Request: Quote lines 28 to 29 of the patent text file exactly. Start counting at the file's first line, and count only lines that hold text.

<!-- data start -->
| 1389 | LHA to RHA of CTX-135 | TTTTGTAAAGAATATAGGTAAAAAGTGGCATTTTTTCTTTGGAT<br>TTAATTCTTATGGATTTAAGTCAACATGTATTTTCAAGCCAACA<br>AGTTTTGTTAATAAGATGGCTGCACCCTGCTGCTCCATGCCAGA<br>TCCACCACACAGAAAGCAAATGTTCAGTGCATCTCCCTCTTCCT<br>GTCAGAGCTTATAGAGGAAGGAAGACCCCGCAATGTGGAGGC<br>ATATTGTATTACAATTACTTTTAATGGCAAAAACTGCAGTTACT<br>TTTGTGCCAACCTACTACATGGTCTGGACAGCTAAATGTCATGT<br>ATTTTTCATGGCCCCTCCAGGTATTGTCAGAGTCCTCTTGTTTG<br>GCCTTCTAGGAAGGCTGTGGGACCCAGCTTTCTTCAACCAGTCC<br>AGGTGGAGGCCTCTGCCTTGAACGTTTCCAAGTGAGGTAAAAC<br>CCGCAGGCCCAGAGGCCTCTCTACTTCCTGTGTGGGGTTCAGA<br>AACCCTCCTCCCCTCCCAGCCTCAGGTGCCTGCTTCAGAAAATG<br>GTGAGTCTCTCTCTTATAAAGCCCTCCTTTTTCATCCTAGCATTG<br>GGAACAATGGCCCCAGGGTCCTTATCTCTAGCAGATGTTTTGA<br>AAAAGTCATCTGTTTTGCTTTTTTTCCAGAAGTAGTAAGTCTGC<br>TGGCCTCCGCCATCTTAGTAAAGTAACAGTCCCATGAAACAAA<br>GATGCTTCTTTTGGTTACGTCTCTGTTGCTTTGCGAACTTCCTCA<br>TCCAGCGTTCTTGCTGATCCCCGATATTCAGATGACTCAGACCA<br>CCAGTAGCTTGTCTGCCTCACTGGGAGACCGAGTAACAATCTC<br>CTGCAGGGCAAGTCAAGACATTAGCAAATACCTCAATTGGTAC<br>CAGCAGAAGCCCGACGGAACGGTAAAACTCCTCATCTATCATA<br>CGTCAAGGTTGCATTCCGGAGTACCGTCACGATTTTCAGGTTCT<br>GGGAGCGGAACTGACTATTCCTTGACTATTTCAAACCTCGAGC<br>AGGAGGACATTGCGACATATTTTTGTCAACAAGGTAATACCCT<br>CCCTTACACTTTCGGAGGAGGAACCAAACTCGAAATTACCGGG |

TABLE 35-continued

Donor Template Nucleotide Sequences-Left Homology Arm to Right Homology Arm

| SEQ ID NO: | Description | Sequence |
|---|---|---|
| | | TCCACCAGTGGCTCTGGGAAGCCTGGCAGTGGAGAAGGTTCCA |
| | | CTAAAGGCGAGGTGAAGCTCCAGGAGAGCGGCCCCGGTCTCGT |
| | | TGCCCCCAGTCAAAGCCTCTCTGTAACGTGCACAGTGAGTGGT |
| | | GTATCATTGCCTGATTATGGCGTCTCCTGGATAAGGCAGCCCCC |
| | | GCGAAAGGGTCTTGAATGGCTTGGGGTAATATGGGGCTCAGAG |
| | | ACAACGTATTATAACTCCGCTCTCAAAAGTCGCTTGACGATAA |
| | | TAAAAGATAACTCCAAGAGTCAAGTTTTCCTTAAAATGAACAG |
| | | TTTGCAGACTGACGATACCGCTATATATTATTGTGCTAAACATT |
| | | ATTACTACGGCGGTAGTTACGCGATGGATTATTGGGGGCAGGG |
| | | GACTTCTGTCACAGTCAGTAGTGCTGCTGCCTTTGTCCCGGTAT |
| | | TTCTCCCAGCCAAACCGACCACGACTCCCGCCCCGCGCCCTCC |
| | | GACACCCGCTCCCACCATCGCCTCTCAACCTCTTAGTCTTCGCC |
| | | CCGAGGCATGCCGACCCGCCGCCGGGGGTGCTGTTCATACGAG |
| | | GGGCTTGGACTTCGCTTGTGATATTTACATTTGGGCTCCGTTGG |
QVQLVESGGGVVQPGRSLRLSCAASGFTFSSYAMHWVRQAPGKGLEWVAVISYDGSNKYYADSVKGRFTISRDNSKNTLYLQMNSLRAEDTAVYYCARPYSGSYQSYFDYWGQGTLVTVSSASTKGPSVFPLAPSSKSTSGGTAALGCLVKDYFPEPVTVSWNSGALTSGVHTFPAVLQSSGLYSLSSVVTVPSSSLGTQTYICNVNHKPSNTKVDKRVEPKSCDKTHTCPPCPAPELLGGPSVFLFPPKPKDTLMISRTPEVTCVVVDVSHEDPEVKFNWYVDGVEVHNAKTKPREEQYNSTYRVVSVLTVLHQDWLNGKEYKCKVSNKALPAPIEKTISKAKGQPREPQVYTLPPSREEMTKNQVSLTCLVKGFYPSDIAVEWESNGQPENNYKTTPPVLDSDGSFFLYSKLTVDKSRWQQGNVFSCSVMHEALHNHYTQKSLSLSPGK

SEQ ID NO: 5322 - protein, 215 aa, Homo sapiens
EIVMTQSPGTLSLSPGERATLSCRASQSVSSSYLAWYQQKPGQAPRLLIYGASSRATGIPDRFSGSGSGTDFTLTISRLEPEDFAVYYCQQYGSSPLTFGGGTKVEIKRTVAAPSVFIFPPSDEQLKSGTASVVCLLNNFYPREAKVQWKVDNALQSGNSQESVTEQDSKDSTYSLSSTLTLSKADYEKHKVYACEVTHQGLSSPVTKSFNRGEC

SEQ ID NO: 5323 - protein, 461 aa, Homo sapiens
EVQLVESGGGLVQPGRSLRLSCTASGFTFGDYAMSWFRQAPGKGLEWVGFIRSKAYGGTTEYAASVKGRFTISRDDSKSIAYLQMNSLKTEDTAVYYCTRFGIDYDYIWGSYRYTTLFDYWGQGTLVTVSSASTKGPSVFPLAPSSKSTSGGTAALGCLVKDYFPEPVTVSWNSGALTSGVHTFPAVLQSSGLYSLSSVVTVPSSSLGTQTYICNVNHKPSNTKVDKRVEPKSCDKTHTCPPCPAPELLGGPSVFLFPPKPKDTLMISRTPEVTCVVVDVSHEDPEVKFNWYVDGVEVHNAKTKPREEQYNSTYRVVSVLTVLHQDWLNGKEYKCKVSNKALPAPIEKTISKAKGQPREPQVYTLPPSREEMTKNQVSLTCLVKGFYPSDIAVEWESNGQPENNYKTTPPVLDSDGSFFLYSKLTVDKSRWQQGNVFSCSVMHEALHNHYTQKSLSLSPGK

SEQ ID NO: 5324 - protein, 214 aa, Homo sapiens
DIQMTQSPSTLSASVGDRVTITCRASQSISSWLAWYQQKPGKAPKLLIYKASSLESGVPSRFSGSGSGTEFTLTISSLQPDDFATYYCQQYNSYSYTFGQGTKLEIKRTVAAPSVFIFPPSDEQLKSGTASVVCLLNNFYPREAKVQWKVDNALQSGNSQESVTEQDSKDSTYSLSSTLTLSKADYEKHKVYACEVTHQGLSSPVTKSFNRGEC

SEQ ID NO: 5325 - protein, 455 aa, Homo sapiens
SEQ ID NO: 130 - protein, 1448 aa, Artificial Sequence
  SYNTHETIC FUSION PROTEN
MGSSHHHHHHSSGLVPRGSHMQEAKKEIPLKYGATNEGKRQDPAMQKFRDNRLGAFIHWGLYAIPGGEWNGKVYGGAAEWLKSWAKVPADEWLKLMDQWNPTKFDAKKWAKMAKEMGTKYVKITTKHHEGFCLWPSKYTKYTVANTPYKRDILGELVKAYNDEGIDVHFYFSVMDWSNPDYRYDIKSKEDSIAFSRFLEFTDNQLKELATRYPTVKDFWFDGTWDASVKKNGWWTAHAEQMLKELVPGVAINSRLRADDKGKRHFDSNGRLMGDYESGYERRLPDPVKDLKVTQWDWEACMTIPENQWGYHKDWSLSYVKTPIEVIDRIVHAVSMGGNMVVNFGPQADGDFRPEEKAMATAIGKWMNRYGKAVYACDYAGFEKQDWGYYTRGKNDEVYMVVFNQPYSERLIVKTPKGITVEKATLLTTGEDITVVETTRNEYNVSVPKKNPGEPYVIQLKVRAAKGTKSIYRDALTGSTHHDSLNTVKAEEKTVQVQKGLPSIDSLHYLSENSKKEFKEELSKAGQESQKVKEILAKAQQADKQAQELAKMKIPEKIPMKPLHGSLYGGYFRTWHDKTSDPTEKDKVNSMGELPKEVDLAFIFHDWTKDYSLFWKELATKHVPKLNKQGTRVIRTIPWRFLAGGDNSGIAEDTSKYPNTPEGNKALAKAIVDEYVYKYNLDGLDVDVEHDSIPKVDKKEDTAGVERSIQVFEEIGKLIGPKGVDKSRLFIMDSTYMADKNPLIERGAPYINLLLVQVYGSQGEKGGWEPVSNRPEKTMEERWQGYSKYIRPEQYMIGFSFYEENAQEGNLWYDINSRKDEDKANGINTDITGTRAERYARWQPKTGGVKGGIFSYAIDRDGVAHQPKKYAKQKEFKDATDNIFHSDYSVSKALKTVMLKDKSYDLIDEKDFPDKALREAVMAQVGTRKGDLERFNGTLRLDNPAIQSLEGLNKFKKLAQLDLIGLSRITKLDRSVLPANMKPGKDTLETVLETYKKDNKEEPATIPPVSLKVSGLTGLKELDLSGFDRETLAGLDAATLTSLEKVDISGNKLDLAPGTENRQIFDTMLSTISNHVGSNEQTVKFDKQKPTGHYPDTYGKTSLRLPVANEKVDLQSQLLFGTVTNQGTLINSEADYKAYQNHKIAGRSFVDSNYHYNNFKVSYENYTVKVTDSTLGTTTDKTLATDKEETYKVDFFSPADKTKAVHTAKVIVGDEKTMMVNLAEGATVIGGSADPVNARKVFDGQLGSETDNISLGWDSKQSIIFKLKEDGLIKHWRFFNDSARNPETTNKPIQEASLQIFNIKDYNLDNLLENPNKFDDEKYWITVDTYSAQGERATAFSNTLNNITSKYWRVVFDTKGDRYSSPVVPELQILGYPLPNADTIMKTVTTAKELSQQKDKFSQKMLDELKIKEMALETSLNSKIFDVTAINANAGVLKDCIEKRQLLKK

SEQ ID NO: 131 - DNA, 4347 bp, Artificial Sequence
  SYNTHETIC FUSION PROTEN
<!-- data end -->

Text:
SEQ ID NO: 130 - protein, 1448 aa, Artificial Sequence
  SYNTHETIC FUSION PROTEN